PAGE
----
Wondering Egypt

The Sphinx
By Ethan Gelber & the BikeAbout team
  |  Gorp.com
The Sphinx with the Great Pyramid of Khufu right behind. (BikeAbout)

A sphinx is a mythical beast with the body of a lion and the head of a human. Its most famous portrayal is the huge statue located just in front of the great pyramids at Giza. Though dwarfed by the pyramids, the Sphinx at Giza is still pretty big. Its body is 172 feet (52.4 meters) in length while the height to the top of the head is 66 feet (20 meters).

The Greeks, as is common with the closely inter-related civilizations of the Mediterranean, borrowed the idea of a sphinx from the Egyptians, and it is the Greek legend of the sphinx with which we are most familiar. In that legend the sphinx asked every passerby a riddle and devoured anyone that failed to answer it correctly. After many travelers were eaten, Oedipus answered the riddle correctly and killed the sphinx.

The Egyptians, however, did not seem to have the same sort of legends about the sphinx. Indeed, no one really knows what the Sphinx represented to them. Some Egyptologists think that the Sphinx represented the sky-god Horus, but there is certainly evidence to indicate that the head of the sphinx portrayed the reigning pharaoh. If this is the case then the face staring out eastward towards the Nile is that of Pharaoh Khafre, whose pyramid lies directly behind the great statue.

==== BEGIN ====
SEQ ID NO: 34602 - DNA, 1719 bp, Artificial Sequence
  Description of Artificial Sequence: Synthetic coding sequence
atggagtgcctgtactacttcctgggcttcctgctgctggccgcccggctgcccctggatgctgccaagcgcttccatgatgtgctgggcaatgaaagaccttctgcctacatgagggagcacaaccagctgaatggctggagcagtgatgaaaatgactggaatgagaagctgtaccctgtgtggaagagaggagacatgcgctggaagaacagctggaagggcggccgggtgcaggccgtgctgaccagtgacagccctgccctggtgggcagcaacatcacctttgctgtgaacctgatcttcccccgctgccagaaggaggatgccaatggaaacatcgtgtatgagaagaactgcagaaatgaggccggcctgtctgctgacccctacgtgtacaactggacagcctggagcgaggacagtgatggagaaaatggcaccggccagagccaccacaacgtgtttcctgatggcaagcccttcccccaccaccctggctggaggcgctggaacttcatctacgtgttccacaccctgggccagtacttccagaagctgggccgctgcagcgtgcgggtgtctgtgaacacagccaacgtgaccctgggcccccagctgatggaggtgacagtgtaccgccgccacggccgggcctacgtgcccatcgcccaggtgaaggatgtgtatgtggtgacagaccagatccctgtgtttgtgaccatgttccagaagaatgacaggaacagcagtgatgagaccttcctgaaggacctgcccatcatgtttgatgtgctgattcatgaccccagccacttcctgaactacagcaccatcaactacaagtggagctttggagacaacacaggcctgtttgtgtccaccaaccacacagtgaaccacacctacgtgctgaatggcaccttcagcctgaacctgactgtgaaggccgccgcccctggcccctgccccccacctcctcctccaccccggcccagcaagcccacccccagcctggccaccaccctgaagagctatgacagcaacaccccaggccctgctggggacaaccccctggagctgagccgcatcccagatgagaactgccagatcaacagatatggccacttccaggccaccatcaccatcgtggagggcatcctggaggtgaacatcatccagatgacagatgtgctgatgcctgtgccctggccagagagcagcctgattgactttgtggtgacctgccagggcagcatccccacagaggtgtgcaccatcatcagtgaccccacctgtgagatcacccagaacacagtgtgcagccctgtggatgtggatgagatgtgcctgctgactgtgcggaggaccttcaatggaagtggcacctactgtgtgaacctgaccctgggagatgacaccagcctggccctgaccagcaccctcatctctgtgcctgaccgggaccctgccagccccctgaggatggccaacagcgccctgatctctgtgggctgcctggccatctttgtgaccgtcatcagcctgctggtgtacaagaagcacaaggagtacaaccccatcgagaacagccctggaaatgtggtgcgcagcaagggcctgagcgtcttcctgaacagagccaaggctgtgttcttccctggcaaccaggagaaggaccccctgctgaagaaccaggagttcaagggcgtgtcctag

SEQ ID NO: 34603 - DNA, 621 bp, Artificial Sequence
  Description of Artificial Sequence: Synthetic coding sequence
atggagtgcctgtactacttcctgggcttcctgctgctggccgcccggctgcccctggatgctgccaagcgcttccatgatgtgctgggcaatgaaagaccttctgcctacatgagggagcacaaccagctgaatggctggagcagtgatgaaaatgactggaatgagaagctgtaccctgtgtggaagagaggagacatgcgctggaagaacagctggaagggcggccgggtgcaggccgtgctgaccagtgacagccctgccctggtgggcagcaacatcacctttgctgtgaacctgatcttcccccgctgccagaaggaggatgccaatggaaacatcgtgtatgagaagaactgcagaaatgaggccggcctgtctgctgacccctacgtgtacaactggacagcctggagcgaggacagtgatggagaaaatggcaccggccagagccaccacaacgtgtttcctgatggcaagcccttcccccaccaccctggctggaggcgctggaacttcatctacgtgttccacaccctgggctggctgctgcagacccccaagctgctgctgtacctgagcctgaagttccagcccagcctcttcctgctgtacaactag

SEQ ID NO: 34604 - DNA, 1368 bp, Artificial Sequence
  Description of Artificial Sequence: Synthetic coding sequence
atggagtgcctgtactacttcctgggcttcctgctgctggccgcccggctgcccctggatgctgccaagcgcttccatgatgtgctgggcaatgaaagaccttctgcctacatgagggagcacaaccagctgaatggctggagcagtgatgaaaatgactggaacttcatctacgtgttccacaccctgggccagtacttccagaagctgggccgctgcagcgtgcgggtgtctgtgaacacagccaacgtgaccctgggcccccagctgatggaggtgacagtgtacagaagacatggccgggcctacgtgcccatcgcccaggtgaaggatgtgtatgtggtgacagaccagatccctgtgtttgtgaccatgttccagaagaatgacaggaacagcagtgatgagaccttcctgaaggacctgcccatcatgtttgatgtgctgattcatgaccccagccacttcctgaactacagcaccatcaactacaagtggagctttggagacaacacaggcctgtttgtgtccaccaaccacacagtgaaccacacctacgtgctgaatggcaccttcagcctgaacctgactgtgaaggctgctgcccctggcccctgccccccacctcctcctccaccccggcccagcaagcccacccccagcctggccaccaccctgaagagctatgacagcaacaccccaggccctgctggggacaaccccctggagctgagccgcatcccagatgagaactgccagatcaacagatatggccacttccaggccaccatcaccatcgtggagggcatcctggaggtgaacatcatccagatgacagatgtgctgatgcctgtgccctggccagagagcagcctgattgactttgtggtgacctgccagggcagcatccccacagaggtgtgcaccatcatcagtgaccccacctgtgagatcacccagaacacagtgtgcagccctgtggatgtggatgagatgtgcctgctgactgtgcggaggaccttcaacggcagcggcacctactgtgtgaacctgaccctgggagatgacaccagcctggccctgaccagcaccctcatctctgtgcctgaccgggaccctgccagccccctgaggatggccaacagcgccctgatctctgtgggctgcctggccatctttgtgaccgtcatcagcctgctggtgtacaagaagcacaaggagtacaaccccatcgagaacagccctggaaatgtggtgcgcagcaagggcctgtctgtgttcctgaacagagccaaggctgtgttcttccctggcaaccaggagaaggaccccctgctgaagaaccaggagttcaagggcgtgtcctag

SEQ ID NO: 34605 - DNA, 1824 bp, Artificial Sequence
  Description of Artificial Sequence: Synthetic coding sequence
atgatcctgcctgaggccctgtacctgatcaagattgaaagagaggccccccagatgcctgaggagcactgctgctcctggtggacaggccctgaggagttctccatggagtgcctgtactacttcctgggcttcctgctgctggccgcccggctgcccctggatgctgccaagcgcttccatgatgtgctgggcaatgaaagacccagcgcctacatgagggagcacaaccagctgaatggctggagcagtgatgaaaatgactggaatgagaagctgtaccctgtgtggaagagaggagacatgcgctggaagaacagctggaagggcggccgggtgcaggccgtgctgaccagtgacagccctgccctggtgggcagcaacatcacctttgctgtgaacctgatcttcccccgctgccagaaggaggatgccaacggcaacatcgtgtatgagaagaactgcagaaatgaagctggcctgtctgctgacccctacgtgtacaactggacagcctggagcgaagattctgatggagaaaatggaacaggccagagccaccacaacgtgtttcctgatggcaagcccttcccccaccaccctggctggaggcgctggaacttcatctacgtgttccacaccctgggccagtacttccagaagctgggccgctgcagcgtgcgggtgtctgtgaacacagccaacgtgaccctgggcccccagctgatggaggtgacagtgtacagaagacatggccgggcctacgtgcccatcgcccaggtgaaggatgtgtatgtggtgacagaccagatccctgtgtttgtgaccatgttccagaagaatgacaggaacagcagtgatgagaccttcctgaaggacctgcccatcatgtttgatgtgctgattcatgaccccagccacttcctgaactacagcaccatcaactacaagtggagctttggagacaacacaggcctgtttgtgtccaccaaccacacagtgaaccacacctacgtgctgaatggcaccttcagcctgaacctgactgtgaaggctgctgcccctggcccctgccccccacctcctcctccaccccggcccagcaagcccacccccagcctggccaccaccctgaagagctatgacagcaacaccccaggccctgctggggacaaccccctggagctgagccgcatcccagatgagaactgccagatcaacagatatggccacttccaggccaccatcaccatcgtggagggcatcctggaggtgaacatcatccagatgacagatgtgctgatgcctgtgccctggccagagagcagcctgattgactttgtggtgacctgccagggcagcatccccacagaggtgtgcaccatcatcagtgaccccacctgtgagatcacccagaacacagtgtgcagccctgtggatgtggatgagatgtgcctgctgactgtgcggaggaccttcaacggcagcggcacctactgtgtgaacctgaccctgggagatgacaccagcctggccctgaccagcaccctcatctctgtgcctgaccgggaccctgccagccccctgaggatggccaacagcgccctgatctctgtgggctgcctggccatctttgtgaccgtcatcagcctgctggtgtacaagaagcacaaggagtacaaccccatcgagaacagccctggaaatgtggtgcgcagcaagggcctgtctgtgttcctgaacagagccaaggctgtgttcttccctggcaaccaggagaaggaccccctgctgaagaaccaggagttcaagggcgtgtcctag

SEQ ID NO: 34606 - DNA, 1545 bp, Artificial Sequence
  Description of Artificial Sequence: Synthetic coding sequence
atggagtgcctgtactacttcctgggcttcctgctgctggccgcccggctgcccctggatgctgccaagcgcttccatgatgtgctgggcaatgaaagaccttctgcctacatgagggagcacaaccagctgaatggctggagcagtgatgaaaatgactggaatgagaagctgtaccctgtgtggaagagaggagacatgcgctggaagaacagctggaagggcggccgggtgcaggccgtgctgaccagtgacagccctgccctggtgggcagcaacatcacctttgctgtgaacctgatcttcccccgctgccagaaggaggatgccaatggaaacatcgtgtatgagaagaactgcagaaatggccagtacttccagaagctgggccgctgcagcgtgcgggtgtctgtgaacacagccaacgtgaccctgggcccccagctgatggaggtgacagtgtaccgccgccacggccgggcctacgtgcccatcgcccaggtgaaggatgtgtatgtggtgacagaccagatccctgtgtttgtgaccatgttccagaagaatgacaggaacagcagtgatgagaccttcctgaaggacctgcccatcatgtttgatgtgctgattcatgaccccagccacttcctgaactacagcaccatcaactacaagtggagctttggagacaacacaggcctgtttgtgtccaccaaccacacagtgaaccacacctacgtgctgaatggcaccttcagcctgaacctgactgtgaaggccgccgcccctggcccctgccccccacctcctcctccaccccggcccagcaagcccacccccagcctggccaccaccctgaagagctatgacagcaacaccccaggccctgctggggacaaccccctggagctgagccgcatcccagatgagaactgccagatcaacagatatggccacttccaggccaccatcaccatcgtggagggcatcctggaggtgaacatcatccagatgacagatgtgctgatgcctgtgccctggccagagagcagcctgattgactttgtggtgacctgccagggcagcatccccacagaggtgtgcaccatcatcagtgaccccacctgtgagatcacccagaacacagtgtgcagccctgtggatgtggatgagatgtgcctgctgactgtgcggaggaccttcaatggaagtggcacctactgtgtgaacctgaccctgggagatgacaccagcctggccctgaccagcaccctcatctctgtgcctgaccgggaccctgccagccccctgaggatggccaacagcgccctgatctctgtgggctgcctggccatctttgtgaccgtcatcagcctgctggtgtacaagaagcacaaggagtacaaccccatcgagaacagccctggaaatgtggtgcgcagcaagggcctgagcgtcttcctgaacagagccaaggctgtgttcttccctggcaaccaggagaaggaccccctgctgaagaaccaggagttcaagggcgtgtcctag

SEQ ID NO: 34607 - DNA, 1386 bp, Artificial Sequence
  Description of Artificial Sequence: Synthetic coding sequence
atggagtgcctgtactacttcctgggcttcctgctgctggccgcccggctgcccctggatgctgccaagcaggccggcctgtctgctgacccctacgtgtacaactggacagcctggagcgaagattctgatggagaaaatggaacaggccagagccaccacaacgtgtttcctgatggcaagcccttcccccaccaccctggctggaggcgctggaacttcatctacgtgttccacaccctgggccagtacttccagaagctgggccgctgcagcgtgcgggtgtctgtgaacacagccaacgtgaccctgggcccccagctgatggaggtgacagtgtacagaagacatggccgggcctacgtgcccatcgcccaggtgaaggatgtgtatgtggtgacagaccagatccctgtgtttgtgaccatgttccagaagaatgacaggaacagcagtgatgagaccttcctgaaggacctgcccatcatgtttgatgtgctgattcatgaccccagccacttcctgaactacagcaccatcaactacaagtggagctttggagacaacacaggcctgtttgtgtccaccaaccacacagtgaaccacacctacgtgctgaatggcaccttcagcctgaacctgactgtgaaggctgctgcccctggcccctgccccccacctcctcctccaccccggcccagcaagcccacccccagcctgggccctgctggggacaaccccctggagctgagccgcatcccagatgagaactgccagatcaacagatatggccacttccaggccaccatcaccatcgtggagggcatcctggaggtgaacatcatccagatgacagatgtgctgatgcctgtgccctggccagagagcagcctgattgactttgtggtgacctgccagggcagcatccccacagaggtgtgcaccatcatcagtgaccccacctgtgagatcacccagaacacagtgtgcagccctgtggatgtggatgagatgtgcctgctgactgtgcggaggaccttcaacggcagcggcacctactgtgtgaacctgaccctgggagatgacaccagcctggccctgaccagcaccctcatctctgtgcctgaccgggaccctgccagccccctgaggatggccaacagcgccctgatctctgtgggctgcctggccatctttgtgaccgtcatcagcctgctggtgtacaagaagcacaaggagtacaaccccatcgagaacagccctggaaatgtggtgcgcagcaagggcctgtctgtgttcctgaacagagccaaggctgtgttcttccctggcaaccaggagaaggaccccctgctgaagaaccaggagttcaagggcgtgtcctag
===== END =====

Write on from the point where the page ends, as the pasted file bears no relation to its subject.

The mystery of the Sphinx at Giza extends to the strange circumstances surrounding the loss of both its beard and its nose. No one seems to know when or why these pieces of the Sphinx fell off. The most common story is that occupying Ottoman (or French, depending on who tells the story) soldiers used the Sphinx for target practice and essentially shot the nose off its face. Or it could just have fallen off with the passage of time. The issue is whether the monument should be restored to its former glory. Of course the question of a face-lift is complicated by the fact that the British snapped up the nose and are keeping it in the British Museum even though the Egyptians have long demanded its return.


Published: 28 Apr 2002 | Last Updated: 15 Sep 2010
Details mentioned in this article were accurate at the time of publication

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